James K. Polk, like many other American presidents of the 19th Century, is not one of the better known people to hold that high office.
Yet after just one term as president, he proved to be one of the most efficient men to ever serve in that capacity. That’s saying a lot for a government with a reputation for working notoriously slowly. At the surface level, one would think that this was a result of a unified government, much like what existed during the Era of Good Feelings.
Polk’s presidency, however, existed in the midst of the Second Party Era, highlighted by his political party — the Democrats — and the Whigs, which emerged as vehement opponents to everything the Democrats stood for. The Election of 1844 was also the closest election in terms of the popular vote up until that point in the young republic’s history. Polk only defeated Henry Clay, his Whig challenger, by 1.4%.
Polk set four clearly defined goals for his administration:
- Acquire the Oregon Territory
- Acquire California from Mexico
- Reestablish the Independent Treasury System
- Reduce tariffs
Both Great Britain and the United States laid claim to the Oregon Territory (claims by Native Americans, as often was the case, were unfortunately not taken into consideration). Since 1818, a treaty between the two nations allowed for joint occupation, but the expansionist spirit brought upon this era by Manifest Destiny — the belief that the United States’ expansion from the Atlantic to the Pacific Oceans was both justifiable and inevitable — made many Americans believe that Oregon belonged to their country. As a result, Polk provided a Congress-approved notification to Great Britain that the United States intended to terminate its joint occupation. Polk knew that Great Britain, in the midst of their Industrial Revolution and whose open trade with many global markets was of grave importance, would force them to negotiate. Polk’s aggressive tactics worried many, but they gained concessions from Great Britain that a more conciliatory president may not have.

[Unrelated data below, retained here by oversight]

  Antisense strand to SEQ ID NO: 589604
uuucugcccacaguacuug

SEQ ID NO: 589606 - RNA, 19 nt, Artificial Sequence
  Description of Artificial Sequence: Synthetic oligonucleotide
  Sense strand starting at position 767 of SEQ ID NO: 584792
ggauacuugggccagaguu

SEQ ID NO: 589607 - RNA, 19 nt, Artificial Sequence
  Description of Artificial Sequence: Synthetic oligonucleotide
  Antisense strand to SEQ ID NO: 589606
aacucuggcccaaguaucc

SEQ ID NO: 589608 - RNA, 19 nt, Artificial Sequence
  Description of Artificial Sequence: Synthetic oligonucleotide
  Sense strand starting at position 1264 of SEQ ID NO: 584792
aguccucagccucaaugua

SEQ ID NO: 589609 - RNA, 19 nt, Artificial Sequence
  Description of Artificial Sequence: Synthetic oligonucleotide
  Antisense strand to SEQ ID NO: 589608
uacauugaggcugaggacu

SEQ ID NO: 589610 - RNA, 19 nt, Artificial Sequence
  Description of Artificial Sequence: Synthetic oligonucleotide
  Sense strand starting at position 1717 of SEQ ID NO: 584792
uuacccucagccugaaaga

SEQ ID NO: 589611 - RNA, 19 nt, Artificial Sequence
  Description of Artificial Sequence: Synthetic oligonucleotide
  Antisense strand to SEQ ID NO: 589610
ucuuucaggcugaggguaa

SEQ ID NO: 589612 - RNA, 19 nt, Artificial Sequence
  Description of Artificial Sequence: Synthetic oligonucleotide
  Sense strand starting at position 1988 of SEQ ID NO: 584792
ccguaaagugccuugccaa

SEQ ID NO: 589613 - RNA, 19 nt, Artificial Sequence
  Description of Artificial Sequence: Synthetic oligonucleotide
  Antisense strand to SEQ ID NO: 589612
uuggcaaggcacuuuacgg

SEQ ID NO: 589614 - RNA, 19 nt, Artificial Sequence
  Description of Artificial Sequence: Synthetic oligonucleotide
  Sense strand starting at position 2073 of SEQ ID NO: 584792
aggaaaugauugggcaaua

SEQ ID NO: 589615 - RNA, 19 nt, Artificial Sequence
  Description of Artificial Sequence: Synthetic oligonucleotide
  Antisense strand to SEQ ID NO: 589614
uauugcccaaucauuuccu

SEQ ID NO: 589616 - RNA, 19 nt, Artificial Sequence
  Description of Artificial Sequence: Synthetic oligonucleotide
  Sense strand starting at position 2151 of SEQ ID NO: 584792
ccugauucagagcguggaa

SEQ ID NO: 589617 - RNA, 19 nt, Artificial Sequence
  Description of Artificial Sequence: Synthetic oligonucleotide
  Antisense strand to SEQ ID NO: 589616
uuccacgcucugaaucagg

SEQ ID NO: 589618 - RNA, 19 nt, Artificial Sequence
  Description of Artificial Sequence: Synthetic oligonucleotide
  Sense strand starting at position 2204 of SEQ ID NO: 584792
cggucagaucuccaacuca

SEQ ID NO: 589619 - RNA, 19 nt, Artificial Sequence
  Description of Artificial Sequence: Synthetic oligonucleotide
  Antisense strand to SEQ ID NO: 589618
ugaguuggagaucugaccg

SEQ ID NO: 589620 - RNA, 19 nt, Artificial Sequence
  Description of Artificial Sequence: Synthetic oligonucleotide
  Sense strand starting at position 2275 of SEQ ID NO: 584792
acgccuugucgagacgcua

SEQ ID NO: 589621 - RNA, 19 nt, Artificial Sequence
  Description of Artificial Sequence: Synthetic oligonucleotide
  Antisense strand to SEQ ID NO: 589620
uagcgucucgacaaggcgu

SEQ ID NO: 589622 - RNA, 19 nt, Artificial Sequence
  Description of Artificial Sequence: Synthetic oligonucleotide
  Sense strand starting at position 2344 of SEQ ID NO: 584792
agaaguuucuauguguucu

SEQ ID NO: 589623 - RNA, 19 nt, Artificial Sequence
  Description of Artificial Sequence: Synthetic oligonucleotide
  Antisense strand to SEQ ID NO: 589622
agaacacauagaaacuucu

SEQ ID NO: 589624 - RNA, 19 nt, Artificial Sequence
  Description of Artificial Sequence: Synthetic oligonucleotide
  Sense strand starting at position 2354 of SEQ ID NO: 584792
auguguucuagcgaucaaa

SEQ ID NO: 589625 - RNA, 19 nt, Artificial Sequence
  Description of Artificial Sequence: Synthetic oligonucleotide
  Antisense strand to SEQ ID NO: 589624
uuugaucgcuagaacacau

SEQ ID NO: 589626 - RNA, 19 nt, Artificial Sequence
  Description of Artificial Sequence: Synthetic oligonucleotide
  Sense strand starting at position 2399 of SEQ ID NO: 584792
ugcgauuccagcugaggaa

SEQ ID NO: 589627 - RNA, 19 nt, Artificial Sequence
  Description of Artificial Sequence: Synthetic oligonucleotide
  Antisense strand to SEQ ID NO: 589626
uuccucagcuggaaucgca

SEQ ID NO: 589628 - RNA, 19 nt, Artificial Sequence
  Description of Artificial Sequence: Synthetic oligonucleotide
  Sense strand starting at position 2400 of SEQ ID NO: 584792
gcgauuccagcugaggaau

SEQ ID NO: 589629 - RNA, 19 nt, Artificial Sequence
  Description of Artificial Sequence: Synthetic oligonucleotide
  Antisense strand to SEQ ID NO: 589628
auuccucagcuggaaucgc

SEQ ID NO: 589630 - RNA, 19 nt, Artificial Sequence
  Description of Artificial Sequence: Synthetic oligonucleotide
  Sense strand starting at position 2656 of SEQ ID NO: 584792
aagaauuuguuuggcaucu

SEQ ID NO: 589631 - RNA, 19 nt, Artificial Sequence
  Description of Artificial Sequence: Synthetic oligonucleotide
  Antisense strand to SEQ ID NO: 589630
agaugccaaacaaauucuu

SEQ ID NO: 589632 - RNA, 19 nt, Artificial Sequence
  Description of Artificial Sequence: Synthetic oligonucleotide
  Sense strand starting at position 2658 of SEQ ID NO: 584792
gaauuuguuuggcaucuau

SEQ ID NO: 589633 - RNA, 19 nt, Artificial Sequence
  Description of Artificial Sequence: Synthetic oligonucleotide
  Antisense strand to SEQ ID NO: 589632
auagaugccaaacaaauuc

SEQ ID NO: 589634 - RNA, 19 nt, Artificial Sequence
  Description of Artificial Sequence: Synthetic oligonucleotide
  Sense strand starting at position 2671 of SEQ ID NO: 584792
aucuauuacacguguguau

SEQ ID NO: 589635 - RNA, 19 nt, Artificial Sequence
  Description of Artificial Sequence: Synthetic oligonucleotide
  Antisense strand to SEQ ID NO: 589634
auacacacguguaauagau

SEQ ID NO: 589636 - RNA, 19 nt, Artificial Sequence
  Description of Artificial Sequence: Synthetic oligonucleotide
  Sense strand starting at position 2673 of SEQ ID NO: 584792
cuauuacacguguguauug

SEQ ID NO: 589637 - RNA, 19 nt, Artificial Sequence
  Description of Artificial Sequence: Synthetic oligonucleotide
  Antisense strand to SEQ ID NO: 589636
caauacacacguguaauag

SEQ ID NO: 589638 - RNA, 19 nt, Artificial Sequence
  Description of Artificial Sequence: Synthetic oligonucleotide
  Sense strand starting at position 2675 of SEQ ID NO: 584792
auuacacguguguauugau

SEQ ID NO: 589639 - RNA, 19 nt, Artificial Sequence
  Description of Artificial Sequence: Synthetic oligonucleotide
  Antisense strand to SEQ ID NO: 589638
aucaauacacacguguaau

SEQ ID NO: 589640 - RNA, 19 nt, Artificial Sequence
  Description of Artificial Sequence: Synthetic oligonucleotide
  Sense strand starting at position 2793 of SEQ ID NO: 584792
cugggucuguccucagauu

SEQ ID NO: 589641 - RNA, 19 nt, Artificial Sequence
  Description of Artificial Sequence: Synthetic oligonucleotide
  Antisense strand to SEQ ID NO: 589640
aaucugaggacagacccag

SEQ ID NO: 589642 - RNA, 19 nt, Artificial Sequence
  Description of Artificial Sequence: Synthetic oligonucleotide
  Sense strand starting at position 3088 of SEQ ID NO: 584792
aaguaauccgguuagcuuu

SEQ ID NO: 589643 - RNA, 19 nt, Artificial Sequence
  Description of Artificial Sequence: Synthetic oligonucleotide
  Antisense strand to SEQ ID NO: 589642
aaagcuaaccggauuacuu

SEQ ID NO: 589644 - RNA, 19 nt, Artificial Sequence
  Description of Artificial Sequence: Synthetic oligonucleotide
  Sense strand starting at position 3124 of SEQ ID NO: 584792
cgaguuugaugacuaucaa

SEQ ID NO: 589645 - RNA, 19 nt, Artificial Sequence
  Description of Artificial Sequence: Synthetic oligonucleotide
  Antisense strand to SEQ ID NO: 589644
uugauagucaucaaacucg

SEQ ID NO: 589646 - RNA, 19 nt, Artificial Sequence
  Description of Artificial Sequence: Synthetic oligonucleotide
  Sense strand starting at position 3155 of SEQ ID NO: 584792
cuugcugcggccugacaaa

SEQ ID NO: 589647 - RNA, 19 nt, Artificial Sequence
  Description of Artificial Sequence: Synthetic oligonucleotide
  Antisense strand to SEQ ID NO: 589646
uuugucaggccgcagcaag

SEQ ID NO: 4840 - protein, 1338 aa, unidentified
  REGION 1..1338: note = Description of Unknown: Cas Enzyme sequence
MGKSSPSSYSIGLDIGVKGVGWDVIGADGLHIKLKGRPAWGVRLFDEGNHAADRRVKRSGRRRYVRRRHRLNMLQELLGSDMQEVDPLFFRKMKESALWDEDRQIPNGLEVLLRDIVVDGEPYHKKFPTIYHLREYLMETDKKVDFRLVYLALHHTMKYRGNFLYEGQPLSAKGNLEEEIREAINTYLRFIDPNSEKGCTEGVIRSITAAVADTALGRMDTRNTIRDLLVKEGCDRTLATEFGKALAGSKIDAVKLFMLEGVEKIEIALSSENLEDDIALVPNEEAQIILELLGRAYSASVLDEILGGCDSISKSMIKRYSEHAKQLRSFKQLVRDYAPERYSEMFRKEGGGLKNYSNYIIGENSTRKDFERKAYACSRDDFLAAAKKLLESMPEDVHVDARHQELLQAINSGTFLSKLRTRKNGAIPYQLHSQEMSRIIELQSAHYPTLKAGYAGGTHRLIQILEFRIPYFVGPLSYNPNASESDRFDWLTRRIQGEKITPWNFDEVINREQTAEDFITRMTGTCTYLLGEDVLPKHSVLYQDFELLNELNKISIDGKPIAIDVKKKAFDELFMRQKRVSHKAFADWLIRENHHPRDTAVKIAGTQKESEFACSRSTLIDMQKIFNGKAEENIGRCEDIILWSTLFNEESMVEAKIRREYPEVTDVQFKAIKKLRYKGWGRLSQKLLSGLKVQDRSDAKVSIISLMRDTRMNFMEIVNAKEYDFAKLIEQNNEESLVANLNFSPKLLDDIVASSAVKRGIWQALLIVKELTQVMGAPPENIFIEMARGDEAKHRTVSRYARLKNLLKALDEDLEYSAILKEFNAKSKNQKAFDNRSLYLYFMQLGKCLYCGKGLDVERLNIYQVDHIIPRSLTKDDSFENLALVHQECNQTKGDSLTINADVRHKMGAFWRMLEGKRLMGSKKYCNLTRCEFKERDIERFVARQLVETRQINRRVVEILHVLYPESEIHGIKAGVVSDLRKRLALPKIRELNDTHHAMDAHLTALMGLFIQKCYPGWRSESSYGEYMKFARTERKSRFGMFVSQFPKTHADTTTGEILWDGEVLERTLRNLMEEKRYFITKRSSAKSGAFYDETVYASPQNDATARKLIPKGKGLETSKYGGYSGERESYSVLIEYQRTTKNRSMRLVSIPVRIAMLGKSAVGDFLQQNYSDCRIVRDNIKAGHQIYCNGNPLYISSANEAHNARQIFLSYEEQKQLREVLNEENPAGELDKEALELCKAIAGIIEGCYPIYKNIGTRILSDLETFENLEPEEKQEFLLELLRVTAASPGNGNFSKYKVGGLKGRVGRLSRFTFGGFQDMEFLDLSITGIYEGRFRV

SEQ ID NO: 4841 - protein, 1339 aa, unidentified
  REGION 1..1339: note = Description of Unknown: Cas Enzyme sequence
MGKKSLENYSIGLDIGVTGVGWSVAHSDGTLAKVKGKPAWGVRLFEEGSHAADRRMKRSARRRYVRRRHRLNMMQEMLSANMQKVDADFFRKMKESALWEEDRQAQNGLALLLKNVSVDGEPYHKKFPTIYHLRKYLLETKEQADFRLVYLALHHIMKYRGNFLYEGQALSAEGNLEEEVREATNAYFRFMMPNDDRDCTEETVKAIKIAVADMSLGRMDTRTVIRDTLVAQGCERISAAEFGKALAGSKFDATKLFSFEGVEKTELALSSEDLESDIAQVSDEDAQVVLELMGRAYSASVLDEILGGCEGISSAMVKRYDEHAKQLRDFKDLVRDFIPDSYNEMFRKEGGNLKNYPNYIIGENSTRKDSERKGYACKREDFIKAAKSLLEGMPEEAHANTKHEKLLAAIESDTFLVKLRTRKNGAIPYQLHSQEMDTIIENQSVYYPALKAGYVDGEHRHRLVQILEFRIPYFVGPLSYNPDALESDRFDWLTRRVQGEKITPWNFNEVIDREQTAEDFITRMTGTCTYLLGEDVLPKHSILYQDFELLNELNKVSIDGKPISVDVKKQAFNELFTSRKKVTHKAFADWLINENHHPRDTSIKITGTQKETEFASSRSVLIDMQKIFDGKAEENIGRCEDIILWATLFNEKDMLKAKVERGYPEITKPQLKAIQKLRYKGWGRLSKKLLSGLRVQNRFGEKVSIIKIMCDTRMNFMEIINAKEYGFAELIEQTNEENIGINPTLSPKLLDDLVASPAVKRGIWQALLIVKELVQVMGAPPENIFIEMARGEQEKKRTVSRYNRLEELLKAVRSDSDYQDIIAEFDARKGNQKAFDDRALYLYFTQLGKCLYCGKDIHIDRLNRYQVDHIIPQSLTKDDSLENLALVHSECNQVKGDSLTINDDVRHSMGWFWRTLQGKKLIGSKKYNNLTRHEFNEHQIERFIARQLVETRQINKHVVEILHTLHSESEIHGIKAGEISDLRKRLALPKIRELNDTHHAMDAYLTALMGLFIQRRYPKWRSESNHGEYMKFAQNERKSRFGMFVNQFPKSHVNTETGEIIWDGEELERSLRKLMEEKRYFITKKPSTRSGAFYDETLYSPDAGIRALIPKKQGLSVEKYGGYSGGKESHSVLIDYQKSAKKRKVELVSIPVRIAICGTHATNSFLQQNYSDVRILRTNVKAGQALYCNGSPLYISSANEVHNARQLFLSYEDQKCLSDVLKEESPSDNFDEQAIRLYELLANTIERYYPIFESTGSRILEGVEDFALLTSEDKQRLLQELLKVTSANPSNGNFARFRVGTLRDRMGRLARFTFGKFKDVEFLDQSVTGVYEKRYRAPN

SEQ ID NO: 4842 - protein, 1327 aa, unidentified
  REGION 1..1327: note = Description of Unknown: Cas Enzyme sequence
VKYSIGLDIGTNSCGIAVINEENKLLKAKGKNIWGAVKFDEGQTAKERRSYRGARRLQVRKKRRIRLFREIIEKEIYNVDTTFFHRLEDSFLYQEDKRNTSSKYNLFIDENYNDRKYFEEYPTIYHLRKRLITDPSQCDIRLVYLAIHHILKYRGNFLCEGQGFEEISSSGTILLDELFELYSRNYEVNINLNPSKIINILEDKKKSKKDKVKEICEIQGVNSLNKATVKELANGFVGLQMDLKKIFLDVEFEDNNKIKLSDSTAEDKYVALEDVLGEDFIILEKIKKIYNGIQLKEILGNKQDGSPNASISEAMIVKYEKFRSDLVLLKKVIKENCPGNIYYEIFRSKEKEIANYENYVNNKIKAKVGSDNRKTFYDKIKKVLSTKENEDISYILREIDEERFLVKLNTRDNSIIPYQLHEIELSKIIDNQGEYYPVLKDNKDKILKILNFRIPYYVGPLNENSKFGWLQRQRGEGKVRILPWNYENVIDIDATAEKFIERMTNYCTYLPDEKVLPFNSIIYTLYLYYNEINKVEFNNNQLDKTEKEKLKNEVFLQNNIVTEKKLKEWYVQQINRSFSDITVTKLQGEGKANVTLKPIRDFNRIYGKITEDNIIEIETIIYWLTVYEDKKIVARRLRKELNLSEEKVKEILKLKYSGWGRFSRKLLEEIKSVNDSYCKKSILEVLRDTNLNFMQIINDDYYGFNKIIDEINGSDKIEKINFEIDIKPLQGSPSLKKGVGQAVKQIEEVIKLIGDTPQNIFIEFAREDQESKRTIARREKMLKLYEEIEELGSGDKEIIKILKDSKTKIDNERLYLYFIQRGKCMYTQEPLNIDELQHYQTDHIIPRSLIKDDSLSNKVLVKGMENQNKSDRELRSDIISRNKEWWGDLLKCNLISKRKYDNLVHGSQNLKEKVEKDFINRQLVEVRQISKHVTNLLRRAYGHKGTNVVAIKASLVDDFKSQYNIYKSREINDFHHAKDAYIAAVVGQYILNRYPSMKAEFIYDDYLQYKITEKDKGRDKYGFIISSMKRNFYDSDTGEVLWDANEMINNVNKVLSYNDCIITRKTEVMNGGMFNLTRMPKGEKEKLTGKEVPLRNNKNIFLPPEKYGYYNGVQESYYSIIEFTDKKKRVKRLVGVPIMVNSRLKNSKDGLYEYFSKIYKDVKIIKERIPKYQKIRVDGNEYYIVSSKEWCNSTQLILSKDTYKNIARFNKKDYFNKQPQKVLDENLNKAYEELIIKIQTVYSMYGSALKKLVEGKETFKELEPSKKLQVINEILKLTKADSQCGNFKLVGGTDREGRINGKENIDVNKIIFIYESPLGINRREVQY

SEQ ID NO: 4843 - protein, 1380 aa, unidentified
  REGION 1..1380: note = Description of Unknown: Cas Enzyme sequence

John Tyler, Polk’s predecessor, accomplished very little in office given the lack of support he had from either major political party. One success in a very small sample size was the Annexation of Texas. The territory had won its independence from Mexico and sought addition to the United States, but it hadn’t been finalized during Tyler’s presidency. Polk decided to continue pursuing it. In December of his first year in office, he signed the resolution that admitted Texas as the 28th state. Mexico broke off relations with Texas, and an inevitable war followed the next year.
The ensuing war resulted in a victory for James Polk and the American army. The Treaty of Guadalupe Hidalgo officially brought the war to an end, and at a hefty price for the Mexican government. As a result of their loss, Mexico parted with a huge chunk of their northern territories to the west of Texas. The United States added lands that would encompass the modern US states of New Mexico, Colorado, Utah, Arizona, Nevada, and California to go along with the now annexed State of Texas.
In his short four years in office, the young President managed to add an extra one-third of land to the American territory, and the goal of those who subscribed to Manifest Destiny had finally been realized. The United States now indeed existed “from sea to shining sea.”
James Polk’s domestic agenda was also successfully completed. Though an opponent of the National Bank — much like the Democratic standard-bearer, Andrew Jackson — Polk took the position of Martin Van Buren. In his inaugural address, he called upon Congress to re-establish the Independent Treasury System under which government funds were held in the Treasury and not in a bank or other financial institution. The Democratic majority in Congress secured this initiative without relying on a single Whig vote, and Polk signed the Independent Treasury System into existence in 1846. Additionally, Polk was able to sign the Walker Tariff, which he lobbied for, into law; this last initiative — lowering the tariff — successfully completed the final goal of Polk’s agenda when he came into office. The Walker Tariff also led to greater Anglo-American trade when it coincided with Great Britain’s repeal of the Corn Laws.
All this was completed in one term, which fulfilled yet another one of James Polk’s campaign promises — to serve only one term. And that’s the key.
Goal-setting is not enough if it those goals are not tied to a deadline.
Polk set out to accomplish those four goals in four years. What date can you set for yours?